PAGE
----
Despite Curbs, Trash Fishing Thrives

By TheHindu on 27 Dec 2016 | read

Mithosh Joseph

The stringent measures taken by the Fisheries Department to prevent trash fishing off the Kozhikode coast are yet to show results as some fishermen still like to pursue it with the support of a few non-Kerala fertilizer companies.

According to leaders of various fishermen’s organisations, the recent crackdown by the Fisheries Department against some of the fishers from Beypore has only caused further resentment. “The big sharks in the business continue to enjoy full freedom in the sea with out facing any legal action,” they say.

‘Small fishers targeted’

Karichal Preman, president of Beypore Harbour Development committee, says the fishermen feel that the marine enforcement squads only target the small fishers.

“This is at a time when the bigger mechanised boats uninterruptedly carry out trash fishing off the Kozhikode coast and return to the harbours in Mangalore or Kanyakumari to sell it,” he adds.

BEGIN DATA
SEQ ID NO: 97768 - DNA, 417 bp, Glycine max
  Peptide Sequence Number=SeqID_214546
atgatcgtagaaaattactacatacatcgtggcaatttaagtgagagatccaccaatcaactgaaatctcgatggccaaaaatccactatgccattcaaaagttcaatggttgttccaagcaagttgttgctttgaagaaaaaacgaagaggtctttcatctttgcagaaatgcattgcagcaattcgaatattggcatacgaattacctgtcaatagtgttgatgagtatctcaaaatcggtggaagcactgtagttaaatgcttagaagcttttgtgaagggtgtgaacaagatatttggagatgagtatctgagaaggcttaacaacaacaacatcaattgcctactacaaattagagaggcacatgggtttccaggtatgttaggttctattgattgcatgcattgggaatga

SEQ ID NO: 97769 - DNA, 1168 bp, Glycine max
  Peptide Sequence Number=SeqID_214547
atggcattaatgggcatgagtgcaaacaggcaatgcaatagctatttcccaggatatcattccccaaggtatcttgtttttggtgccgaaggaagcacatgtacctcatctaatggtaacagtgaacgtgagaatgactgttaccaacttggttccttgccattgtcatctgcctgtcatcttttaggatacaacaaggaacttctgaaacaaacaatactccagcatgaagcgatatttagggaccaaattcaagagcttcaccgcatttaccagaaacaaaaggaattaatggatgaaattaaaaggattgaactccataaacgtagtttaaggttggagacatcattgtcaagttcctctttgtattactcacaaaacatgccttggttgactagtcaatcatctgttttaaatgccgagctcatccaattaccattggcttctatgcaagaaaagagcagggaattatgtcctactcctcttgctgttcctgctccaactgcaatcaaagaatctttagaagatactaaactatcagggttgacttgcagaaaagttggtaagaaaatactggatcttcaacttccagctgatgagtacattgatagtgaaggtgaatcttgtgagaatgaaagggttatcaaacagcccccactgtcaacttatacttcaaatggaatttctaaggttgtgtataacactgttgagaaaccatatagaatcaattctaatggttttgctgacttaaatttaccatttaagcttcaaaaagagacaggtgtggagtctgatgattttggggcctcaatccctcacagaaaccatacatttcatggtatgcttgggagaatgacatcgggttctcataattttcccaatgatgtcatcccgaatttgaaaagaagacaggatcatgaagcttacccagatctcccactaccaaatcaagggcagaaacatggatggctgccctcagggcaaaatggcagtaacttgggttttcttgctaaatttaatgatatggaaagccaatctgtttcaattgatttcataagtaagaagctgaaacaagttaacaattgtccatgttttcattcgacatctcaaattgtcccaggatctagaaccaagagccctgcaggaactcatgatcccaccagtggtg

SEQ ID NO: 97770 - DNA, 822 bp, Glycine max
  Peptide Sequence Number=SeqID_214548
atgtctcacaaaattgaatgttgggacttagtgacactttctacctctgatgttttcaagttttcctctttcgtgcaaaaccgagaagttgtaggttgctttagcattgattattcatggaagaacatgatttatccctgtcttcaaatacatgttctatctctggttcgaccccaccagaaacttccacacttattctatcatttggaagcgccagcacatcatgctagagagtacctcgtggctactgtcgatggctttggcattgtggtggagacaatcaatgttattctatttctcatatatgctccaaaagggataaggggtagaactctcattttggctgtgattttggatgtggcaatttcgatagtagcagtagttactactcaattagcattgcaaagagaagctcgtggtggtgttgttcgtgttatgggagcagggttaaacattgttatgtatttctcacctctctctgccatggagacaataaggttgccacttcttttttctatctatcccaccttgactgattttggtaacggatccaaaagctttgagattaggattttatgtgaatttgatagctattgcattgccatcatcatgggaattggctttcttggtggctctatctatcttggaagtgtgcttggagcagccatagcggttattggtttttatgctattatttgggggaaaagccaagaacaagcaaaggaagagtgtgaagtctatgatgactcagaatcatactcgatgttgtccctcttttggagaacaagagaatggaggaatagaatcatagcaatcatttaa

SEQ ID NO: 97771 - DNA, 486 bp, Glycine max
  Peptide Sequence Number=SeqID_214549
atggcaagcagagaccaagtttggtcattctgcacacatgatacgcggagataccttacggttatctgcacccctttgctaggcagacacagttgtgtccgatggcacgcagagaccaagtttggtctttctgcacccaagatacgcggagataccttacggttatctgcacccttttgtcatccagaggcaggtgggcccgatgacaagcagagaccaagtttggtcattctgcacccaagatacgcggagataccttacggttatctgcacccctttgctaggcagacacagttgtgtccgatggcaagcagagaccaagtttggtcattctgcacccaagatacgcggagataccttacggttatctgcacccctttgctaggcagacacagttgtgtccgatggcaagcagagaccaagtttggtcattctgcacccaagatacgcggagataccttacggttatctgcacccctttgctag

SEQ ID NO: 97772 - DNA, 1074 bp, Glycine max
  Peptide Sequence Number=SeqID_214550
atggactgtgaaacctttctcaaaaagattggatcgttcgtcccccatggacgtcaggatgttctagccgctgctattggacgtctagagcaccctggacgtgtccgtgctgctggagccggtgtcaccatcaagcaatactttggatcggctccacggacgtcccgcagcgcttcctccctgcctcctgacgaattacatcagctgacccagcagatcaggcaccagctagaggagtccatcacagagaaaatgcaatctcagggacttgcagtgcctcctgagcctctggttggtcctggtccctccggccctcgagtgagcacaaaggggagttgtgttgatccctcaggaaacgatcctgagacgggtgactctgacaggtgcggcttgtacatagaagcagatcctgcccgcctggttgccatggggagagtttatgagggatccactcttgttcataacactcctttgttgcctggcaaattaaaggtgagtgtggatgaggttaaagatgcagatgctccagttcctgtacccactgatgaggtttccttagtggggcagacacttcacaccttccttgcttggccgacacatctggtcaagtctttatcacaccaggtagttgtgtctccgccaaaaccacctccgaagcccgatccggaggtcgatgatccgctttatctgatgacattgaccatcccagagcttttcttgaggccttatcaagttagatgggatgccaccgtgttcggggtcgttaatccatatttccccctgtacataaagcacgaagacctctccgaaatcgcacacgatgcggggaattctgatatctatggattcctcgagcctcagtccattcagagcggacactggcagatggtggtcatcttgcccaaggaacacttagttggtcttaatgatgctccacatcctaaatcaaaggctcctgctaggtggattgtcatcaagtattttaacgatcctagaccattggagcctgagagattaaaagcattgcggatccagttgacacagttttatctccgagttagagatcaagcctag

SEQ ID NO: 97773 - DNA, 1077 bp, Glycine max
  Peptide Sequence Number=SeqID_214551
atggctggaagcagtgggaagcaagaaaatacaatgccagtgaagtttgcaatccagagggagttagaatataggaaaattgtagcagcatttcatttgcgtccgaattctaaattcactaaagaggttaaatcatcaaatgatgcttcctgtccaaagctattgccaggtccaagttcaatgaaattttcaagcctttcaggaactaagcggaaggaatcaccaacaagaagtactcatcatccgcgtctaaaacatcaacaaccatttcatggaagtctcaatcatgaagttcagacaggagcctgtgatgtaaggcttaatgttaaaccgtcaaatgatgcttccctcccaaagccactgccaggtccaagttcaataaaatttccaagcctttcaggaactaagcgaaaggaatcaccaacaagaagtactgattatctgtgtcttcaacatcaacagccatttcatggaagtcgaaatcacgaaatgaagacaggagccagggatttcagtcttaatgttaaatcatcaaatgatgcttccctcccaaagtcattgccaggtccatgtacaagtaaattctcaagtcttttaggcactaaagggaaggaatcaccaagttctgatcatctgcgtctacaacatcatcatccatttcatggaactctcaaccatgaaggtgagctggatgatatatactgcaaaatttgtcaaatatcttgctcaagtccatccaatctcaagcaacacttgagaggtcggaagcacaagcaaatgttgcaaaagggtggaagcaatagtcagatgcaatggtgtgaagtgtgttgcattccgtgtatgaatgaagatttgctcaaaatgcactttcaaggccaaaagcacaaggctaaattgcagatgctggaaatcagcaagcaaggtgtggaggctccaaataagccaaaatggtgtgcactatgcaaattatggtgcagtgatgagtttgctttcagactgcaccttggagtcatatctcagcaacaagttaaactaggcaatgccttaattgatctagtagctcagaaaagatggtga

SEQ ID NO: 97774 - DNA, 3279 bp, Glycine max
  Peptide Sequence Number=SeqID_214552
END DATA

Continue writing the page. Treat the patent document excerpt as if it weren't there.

“The marine enforcement wing has very limited facilities to carry out deep sea enforcement. They simply wait along the harbours to target the local fishermen and confiscate their stock,” says Mr. Preman. According to him, the fishers from the Kozhikode coast will be able to cooperate with the ban on trash fishing only when it is enforced against the bigger players in the business.

A Fisheries Department official said they have taken on rent the required number of patrol boats to strengthen their coastal surveillance. The fishing of inedible varieties, especially those below the Minimum Legal Size (MLS) is a punishable offence and stringent action will be taken against the offenders under the Kerala Marine Fishing Regulation Act, he warned.

The official also said that they managed to seize around 4,000 kg of trash fish since the beginning of 2016 from various locations.